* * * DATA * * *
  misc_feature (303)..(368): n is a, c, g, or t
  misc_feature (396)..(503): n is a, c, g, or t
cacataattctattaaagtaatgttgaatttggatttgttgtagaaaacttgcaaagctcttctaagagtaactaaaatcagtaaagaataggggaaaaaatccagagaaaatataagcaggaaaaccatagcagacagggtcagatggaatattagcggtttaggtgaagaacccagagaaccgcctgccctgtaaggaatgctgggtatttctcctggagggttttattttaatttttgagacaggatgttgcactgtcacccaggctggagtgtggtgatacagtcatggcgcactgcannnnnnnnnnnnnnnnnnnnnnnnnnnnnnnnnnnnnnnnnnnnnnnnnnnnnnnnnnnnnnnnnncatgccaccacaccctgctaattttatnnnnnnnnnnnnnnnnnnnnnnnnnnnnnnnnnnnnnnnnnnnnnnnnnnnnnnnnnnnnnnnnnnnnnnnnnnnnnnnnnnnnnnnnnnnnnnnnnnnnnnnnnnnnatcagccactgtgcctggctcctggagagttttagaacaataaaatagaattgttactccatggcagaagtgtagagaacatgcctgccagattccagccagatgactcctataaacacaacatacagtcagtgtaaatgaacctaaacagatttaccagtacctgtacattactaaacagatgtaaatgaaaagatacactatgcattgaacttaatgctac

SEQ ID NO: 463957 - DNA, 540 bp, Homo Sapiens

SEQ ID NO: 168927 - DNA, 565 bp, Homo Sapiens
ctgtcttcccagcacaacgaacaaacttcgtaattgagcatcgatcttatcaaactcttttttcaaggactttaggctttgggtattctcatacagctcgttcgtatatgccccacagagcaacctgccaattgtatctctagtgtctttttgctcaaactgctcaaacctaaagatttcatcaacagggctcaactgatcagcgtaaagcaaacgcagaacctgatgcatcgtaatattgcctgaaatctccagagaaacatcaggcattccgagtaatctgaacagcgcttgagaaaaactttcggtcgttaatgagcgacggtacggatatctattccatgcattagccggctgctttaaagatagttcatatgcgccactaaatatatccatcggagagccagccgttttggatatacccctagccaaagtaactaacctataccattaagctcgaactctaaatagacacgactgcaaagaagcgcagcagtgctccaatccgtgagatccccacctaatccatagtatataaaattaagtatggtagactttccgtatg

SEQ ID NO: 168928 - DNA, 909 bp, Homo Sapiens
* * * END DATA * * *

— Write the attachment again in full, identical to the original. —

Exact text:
  misc_feature (303)..(368): n is a, c, g, or t
  misc_feature (396)..(503): n is a, c, g, or t
cacataattctattaaagtaatgttgaatttggatttgttgtagaaaacttgcaaagctcttctaagagtaactaaaatcagtaaagaataggggaaaaaatccagagaaaatataagcaggaaaaccatagcagacagggtcagatggaatattagcggtttaggtgaagaacccagagaaccgcctgccctgtaaggaatgctgggtatttctcctggagggttttattttaatttttgagacaggatgttgcactgtcacccaggctggagtgtggtgatacagtcatggcgcactgcannnnnnnnnnnnnnnnnnnnnnnnnnnnnnnnnnnnnnnnnnnnnnnnnnnnnnnnnnnnnnnnnncatgccaccacaccctgctaattttatnnnnnnnnnnnnnnnnnnnnnnnnnnnnnnnnnnnnnnnnnnnnnnnnnnnnnnnnnnnnnnnnnnnnnnnnnnnnnnnnnnnnnnnnnnnnnnnnnnnnnnnnnnnnatcagccactgtgcctggctcctggagagttttagaacaataaaatagaattgttactccatggcagaagtgtagagaacatgcctgccagattccagccagatgactcctataaacacaacatacagtcagtgtaaatgaacctaaacagatttaccagtacctgtacattactaaacagatgtaaatgaaaagatacactatgcattgaacttaatgctac

SEQ ID NO: 463957 - DNA, 540 bp, Homo Sapiens

SEQ ID NO: 168927 - DNA, 565 bp, Homo Sapiens
ctgtcttcccagcacaacgaacaaacttcgtaattgagcatcgatcttatcaaactcttttttcaaggactttaggctttgggtattctcatacagctcgttcgtatatgccccacagagcaacctgccaattgtatctctagtgtctttttgctcaaactgctcaaacctaaagatttcatcaacagggctcaactgatcagcgtaaagcaaacgcagaacctgatgcatcgtaatattgcctgaaatctccagagaaacatcaggcattccgagtaatctgaacagcgcttgagaaaaactttcggtcgttaatgagcgacggtacggatatctattccatgcattagccggctgctttaaagatagttcatatgcgccactaaatatatccatcggagagccagccgttttggatatacccctagccaaagtaactaacctataccattaagctcgaactctaaatagacacgactgcaaagaagcgcagcagtgctccaatccgtgagatccccacctaatccatagtatataaaattaagtatggtagactttccgtatg

SEQ ID NO: 168928 - DNA, 909 bp, Homo Sapiens